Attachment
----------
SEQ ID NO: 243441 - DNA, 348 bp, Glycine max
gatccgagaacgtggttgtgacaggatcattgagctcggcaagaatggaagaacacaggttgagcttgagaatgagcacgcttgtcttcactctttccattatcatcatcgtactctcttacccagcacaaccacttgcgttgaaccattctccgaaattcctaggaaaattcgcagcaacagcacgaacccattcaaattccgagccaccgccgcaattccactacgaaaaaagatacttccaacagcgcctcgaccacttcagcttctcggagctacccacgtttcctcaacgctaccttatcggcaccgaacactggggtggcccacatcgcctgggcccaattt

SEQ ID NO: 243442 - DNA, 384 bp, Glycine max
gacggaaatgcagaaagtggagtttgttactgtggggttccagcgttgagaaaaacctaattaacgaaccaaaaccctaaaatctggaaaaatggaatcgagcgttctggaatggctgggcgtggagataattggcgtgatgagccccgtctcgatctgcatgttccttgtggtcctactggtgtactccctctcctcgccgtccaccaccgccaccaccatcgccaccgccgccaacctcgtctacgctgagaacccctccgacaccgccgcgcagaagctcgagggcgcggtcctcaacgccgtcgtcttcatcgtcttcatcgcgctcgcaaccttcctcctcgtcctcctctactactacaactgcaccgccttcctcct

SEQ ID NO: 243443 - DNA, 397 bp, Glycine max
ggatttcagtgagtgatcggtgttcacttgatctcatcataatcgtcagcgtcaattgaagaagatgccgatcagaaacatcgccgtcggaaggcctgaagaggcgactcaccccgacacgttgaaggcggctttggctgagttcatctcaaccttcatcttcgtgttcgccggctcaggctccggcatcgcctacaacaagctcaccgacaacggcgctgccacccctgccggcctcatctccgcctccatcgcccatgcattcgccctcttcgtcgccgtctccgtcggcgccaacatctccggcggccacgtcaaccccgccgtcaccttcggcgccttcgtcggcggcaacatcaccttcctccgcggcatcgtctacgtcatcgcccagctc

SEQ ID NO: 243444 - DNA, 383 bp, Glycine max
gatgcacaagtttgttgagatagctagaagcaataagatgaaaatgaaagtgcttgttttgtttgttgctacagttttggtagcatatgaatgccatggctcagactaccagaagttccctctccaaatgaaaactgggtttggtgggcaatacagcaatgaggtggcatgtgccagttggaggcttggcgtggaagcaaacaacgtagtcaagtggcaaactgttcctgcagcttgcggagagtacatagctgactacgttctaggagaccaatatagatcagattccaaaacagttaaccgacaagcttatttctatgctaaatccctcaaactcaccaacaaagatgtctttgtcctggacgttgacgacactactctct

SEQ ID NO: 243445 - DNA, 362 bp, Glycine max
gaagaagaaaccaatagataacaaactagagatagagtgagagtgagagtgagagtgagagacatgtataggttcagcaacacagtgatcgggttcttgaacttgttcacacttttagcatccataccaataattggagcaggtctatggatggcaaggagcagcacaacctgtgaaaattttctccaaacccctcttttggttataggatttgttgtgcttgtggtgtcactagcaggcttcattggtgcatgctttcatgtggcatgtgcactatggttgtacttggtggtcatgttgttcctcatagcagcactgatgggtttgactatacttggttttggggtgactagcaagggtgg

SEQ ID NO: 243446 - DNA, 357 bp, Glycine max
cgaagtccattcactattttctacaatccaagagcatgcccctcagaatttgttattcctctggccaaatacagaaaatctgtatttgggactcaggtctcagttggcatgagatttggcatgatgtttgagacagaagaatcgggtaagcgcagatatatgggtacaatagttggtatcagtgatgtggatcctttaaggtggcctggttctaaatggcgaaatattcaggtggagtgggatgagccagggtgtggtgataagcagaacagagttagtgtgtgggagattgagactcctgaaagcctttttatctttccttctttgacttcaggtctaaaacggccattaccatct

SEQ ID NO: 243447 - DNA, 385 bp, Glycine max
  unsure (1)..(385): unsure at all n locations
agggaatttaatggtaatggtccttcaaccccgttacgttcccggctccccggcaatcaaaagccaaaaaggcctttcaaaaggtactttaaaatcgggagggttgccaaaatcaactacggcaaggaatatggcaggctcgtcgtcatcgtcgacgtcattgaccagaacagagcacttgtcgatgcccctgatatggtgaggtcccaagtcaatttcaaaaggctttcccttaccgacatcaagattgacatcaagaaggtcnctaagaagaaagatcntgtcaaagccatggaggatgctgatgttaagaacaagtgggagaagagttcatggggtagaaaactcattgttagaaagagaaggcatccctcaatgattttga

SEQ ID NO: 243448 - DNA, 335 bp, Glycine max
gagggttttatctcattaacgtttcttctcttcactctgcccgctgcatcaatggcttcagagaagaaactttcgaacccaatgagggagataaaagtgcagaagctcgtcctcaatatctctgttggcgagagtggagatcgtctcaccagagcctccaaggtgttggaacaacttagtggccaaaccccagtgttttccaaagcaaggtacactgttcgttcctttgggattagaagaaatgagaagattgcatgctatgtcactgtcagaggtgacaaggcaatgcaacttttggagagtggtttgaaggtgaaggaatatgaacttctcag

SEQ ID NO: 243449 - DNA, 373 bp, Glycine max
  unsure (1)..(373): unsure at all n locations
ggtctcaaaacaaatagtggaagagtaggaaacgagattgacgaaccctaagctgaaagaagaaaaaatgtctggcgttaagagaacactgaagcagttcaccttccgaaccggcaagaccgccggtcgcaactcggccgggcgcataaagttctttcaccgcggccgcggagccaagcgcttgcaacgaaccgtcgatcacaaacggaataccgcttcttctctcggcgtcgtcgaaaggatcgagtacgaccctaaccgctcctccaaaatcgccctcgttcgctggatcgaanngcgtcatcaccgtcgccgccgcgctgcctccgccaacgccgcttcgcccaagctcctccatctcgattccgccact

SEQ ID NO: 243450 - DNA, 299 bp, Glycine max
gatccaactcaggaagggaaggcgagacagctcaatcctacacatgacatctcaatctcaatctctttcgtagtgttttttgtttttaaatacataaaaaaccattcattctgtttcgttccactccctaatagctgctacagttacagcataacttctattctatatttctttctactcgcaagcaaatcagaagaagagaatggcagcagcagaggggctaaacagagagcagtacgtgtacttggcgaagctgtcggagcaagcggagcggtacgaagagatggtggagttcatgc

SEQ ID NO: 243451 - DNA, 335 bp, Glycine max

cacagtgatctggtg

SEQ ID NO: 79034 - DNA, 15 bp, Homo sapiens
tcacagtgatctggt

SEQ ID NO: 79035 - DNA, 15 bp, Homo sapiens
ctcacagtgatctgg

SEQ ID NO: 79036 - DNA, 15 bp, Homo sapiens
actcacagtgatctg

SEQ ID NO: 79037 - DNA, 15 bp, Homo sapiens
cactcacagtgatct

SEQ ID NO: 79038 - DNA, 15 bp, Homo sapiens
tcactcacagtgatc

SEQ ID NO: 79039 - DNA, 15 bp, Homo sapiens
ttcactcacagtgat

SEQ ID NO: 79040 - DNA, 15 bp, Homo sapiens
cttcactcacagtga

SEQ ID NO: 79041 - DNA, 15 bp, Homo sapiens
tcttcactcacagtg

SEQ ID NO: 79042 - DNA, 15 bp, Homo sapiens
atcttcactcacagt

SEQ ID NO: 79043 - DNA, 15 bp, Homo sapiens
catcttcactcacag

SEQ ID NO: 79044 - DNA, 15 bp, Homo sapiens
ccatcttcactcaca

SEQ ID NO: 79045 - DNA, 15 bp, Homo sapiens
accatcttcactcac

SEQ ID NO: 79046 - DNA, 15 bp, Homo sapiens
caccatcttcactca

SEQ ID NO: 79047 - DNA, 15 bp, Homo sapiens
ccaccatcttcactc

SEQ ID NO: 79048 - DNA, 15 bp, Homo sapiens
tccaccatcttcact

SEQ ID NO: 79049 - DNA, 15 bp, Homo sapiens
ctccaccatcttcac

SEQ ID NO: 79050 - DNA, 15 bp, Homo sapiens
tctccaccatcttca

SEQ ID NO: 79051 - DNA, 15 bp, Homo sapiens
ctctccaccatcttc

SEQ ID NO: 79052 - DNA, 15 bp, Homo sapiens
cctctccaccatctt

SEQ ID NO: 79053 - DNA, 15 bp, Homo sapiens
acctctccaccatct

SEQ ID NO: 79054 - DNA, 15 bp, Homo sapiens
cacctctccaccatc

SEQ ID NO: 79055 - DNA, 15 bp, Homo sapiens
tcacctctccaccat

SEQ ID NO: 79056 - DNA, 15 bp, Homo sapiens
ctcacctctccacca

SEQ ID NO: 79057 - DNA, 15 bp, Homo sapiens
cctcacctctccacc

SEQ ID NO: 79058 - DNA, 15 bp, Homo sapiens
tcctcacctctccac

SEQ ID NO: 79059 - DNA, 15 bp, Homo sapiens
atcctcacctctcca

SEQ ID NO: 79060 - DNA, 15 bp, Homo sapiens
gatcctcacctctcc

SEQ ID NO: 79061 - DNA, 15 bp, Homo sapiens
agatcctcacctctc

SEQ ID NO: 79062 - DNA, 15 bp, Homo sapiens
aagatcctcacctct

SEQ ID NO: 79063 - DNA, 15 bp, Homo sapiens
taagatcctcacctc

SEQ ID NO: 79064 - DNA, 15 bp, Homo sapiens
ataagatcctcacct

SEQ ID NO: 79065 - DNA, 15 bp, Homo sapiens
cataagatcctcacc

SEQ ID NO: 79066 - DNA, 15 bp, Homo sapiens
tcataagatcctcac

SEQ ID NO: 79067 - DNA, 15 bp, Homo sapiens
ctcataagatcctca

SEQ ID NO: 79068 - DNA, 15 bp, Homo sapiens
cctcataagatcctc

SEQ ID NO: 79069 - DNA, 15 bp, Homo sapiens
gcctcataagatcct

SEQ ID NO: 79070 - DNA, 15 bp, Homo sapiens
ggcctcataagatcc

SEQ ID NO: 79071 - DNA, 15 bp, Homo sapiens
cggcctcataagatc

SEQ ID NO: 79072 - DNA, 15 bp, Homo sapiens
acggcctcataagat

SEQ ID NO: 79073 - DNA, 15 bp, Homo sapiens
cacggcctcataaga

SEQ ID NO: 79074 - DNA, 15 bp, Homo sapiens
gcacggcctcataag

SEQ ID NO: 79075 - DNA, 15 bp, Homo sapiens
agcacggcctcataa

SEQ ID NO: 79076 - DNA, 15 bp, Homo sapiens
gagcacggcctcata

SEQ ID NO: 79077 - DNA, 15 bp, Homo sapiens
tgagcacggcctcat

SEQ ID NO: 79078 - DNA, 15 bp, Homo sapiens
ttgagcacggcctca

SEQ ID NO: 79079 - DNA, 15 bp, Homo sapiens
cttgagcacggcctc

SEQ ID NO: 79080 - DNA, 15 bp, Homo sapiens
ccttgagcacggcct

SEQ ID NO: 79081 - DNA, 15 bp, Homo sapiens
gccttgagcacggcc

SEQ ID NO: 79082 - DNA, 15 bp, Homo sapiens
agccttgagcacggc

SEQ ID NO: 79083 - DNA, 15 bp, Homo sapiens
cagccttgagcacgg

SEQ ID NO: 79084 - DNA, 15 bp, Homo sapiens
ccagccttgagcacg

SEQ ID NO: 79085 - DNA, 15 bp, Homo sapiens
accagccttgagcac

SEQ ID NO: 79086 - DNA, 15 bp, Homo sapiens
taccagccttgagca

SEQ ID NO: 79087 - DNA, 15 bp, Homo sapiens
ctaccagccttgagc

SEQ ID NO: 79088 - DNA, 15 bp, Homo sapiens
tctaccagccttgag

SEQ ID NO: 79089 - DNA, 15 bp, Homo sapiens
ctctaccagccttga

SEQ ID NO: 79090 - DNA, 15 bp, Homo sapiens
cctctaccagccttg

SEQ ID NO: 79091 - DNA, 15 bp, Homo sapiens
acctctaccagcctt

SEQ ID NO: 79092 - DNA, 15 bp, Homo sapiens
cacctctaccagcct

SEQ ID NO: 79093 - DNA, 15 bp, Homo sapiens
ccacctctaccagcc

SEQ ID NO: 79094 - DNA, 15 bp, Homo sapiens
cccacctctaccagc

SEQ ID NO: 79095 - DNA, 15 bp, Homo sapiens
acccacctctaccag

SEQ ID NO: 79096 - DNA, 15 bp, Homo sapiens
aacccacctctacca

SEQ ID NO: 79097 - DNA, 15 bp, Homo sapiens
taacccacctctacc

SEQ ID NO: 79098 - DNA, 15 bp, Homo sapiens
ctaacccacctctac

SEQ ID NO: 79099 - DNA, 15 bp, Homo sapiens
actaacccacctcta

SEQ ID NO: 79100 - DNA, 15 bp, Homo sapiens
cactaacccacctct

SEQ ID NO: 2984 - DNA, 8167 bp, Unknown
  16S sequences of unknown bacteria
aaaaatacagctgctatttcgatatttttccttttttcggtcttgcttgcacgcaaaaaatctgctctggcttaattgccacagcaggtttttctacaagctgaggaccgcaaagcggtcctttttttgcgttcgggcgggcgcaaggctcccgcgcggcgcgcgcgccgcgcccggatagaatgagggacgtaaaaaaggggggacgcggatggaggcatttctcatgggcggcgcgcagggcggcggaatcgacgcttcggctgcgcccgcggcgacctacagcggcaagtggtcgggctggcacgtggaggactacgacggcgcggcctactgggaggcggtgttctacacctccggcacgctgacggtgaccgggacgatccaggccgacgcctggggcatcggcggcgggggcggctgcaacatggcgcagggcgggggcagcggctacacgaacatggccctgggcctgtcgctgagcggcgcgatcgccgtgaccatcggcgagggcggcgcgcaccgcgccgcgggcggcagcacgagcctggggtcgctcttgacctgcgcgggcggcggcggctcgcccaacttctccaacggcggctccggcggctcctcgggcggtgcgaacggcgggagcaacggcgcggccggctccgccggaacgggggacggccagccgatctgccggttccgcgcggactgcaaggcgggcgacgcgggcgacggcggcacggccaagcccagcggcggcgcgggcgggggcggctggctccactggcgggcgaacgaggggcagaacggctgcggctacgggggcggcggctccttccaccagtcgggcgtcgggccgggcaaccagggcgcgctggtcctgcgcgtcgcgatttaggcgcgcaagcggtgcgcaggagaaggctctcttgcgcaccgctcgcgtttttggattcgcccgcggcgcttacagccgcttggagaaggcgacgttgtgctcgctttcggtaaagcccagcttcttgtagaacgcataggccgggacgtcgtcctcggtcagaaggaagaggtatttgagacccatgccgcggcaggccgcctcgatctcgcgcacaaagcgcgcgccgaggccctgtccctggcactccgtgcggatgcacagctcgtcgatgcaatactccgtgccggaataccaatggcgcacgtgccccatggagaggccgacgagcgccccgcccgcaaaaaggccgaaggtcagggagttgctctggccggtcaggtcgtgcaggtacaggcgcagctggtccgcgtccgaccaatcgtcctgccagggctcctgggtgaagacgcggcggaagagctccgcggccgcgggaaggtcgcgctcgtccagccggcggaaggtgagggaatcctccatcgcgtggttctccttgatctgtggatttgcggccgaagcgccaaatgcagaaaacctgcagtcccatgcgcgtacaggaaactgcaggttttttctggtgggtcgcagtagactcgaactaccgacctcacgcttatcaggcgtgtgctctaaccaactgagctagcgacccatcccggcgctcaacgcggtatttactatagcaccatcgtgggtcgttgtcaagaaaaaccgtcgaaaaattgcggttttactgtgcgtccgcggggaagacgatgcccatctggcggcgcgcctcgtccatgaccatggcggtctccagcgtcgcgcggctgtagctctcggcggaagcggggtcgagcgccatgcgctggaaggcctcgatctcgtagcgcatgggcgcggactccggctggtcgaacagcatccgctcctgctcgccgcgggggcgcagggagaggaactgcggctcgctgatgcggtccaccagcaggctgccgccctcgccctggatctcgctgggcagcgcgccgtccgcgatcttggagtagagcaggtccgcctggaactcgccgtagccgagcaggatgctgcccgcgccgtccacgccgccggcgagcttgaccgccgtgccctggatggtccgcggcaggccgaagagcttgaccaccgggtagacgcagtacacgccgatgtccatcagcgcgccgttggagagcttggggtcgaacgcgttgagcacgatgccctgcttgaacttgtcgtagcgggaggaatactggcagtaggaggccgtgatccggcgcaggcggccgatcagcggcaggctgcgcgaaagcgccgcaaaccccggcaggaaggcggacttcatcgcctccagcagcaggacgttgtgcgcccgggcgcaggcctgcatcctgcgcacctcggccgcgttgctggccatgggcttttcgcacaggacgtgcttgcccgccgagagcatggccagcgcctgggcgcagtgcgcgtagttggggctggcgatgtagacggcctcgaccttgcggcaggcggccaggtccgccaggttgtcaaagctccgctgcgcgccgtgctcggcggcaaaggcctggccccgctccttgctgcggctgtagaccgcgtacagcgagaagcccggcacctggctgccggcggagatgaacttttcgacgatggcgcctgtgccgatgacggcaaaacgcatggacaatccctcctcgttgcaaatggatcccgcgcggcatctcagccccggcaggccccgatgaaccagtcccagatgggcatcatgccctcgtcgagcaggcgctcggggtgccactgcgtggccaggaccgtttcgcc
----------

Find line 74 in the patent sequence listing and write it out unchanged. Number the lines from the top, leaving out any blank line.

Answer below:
tcctcacctctccac